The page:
We're going to talk about that taboo subject.
You know, the one everyone acts like they don't feel, but 1 in 10 Americans take medicine for.
That taboo topic, that can ultimately lead to a lessened life, or even…death.
I'm talking about depression.
I know, I know, life is perfect. You don't get depressed. You probably just get a little sad sometimes. A little anxious. You don't want to be around anyone, and you certainly don't want to talk about how you're feeling. That might make people look at you different.
But if we're honest with ourselves, which we have no reason not to be, we all have to fight against depressing feelings. Now, this may not apply to all types of depression. Some forms of depressions can't be solved by a few books and a positive attitude. But, incorporating the following books into your life, may be a great supplement to the help of a doctor.
The following books are those I use in my life. I've been able to pull wisdom from each of these books to help make my life simpler, calmer, less stressful and more uplifting. And I know they can help you too.
This books have a theme of business, but what I find helpful is it's main purpose: Altucher has a focus on happiness. One of the biggest causes of depression is a lack of purpose. Your purpose in life may not be your work, but when you're spending 8 hours a day in an unfulfilling place, your career is something to think about.
This book will not only give you tips on how to enjoy each day a little more, but will also help you begin your journey in finding your purpose.
I first read this book when I was a freshman in college. At the time I was fat, confused about why I was in college, and spending all my time drinking and playing video games. I felt doomed. Everyone around me seemed to have something they were shooting for. But me, well, a successful day was not eating too many Cheetos and maybe making it to class.
Croce tells the story of his life in this book. How he went from nothing, to purpose. His main focus is helping you understand how to over come the mind games we play with ourselves. How our mind can be our greatest enemy or greatest weapon. The small tips and tricks for how to use your mind to your advantage began the positive course that I'm now on today.
I've mentioned this book in another post about business. But it's just as applicable here. You see, having a solid automated organization system is more important than you think.
One major cause of anxiety is the idea that we are overwhelmed. Usually, the feeling of being overwhelmed comes when we believe we have too much to do. But sometimes, we aren't busy, we just aren't organized well enough. The purpose of this book might not necessarily be about curing anxiety, but following the organization strategies will help relieve some of your overwhelmed symptoms.
Future thinking can be a huge boost to your daily motivation. Sure, things might not be perfect now but keeping your mind focused on a bright and successful future will help keep you motivated to make something happen today.
No one wants to crawl through life hoping things will get better. It's something we all have in common. But the difference in failing at life and making the most of it can be found in this book.
Now I don't know about your political views of former Presidential Candidate John McCain, but his stories of suffering and overcoming the hate of the world are incredibly uplifting. If McCain was able to use the mindset he created living in the filth and torment of a Japanese prisoner camp, it's a pretty safe bet to assume you can find some use for his practices in your battle as well.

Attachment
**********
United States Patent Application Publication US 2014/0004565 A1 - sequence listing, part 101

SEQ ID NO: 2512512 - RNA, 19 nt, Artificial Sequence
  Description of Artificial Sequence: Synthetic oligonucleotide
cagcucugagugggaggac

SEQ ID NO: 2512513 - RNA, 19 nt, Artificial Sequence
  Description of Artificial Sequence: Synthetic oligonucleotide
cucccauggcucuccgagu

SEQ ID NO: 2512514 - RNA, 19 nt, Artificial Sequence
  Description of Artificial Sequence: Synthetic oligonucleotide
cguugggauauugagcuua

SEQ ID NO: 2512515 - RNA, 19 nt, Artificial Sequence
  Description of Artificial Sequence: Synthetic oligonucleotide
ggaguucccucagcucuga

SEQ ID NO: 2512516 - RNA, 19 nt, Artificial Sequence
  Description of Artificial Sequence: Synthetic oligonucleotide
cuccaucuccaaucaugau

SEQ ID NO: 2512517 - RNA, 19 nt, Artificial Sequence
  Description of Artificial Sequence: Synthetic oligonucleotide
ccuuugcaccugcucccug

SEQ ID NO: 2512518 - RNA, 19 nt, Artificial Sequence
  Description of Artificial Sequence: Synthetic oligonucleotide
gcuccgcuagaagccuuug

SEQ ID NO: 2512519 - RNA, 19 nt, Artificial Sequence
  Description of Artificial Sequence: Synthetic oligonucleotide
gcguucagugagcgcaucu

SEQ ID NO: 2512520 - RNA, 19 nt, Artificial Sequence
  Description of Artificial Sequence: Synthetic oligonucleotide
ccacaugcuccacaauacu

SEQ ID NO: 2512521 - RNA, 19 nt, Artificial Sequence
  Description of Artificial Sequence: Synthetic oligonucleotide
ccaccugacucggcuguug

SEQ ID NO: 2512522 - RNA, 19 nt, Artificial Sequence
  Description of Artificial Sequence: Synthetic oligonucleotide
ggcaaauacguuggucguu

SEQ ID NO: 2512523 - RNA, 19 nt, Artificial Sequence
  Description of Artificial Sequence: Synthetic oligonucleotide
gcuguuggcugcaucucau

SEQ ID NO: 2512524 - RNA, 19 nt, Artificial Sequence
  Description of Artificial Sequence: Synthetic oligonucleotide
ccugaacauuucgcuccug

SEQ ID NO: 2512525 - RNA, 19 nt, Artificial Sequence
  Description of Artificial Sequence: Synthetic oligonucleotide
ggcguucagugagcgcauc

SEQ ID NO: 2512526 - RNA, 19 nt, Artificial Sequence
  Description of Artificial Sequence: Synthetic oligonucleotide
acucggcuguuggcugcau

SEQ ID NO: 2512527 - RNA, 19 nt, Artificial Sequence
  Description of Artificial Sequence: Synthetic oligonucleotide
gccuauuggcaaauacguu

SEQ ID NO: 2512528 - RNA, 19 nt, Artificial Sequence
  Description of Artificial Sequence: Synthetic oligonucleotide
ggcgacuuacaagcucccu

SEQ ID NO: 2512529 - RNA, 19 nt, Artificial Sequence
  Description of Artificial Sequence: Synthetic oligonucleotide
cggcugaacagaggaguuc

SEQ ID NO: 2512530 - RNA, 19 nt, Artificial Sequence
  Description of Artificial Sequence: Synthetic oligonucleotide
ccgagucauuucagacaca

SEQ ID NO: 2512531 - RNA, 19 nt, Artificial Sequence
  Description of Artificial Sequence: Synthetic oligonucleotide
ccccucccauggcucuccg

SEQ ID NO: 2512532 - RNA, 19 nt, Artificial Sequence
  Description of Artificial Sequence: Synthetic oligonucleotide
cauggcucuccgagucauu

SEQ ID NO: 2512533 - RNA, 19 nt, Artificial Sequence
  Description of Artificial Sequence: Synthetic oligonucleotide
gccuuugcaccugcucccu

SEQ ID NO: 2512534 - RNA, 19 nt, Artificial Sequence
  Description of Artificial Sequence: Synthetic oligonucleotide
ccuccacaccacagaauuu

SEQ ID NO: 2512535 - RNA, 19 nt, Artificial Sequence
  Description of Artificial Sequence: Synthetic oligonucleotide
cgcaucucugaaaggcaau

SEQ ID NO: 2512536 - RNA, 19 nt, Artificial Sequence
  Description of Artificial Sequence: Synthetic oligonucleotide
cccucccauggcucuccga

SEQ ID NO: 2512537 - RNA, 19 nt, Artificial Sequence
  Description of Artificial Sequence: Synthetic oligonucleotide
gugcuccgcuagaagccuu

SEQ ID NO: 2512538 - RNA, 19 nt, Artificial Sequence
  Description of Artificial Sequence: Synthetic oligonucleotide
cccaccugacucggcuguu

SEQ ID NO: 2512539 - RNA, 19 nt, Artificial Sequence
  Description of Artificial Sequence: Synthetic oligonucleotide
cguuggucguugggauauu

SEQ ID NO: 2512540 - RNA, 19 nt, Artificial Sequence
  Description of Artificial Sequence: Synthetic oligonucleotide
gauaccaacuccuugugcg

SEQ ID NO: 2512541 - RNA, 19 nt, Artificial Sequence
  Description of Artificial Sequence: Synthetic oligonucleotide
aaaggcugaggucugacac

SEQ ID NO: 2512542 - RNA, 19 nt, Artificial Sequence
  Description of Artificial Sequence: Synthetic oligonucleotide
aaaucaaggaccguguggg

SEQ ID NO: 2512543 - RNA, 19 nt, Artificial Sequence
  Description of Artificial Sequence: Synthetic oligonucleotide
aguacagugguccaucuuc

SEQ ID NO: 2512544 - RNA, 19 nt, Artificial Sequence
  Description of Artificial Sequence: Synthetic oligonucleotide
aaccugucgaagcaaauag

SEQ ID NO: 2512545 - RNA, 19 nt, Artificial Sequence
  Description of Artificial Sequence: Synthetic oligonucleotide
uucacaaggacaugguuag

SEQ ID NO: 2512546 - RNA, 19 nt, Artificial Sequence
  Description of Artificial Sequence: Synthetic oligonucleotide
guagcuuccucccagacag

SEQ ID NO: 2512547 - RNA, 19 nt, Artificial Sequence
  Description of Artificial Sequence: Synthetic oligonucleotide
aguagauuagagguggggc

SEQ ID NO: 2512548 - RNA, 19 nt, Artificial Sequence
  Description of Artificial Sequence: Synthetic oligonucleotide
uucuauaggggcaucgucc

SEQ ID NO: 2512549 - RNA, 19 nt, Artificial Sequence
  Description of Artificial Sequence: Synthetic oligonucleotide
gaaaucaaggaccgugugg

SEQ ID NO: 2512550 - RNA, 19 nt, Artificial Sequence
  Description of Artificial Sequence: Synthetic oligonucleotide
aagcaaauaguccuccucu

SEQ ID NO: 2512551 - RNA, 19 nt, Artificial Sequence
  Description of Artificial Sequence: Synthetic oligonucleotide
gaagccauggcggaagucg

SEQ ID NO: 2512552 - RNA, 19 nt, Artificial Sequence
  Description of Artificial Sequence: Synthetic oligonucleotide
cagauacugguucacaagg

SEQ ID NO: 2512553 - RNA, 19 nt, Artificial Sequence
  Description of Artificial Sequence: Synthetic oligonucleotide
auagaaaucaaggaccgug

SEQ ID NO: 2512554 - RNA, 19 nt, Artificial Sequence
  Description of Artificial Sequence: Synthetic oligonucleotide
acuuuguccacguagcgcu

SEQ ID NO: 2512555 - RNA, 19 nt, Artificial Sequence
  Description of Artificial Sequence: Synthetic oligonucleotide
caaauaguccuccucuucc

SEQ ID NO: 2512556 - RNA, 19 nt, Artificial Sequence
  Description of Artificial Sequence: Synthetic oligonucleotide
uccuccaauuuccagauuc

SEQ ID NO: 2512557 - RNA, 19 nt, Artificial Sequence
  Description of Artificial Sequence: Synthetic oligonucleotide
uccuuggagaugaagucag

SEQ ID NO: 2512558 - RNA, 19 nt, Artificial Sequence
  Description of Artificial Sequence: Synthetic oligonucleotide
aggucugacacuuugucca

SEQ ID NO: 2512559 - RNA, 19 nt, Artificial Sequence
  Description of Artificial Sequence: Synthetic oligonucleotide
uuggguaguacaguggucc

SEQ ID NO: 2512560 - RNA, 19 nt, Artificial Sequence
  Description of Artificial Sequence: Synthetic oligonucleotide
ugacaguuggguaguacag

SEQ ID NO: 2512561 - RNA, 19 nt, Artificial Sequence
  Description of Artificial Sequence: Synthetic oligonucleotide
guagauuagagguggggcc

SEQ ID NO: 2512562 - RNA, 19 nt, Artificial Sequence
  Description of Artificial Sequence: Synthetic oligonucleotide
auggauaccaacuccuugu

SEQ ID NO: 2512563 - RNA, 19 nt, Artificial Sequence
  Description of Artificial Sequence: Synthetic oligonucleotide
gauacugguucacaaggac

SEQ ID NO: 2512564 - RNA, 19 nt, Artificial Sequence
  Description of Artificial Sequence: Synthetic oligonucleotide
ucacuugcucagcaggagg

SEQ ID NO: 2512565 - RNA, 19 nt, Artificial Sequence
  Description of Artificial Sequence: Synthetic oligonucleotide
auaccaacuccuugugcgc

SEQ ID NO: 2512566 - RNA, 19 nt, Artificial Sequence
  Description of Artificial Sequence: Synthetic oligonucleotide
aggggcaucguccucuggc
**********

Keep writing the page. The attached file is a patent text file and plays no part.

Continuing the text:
Western culture has tool for everything. Planners, calendars, digital to-do lists, et cetera. But it's all designed to help us with our public life. The one we can show others. The one we are all keeping in order to make ourselves appear happy.
But what about the organization of our spiritual life? Are we adding everything to our schedule, but not including the one thing that can bring us the peace we need in our day? While this book has a Christian message, it can be applied to any type of spirituality. It's a great tool to help establish the spiritual life we need to remind us of what's important.
The book is comprised of eight stories of worrying and it's follies. Carnegie, walks you through the logic of why worrying, ultimately gets you nowhere. While most of the recommendations in this book are obvious, they are said in a way that makes them easy to follow. Not to mention having examples of how they have worked, make application to your life a bit easier.
If you're looking for a quick read, this is the one for you.
When it comes to having a healthy and balanced life, it's all about determining your values. Once you've done that, you can begin to organize all areas of your life and begin to see growth.
Maxwell, simply breaks down how to evaluate your values and areas where they must be applied to lead a fulfilling life.
Listen, if there is one book to read it's this one. Written by a psychologist during his time in a German concentration camp, the book explores the inner workings of the mind. Frankel examines how the mind, under terrible circumstances can either see the positive side of life or the negative.
He watched as death and decay was all around him. As his fellow Jews died and how some were able to fight back death, through their mental views of the world.
This book is deep and heavy, but if you can digest the message that Frankel is giving you, you will have a mindset to battle any form depression might take in your life.
We would love to hear your thoughts after reading some of these books, and others that have helped you on your journey. Let us know in the comments below.
Jacob Huff is a small business owner, who enjoys traveling the world and remote working. He’s also a little too obsessed with coffee.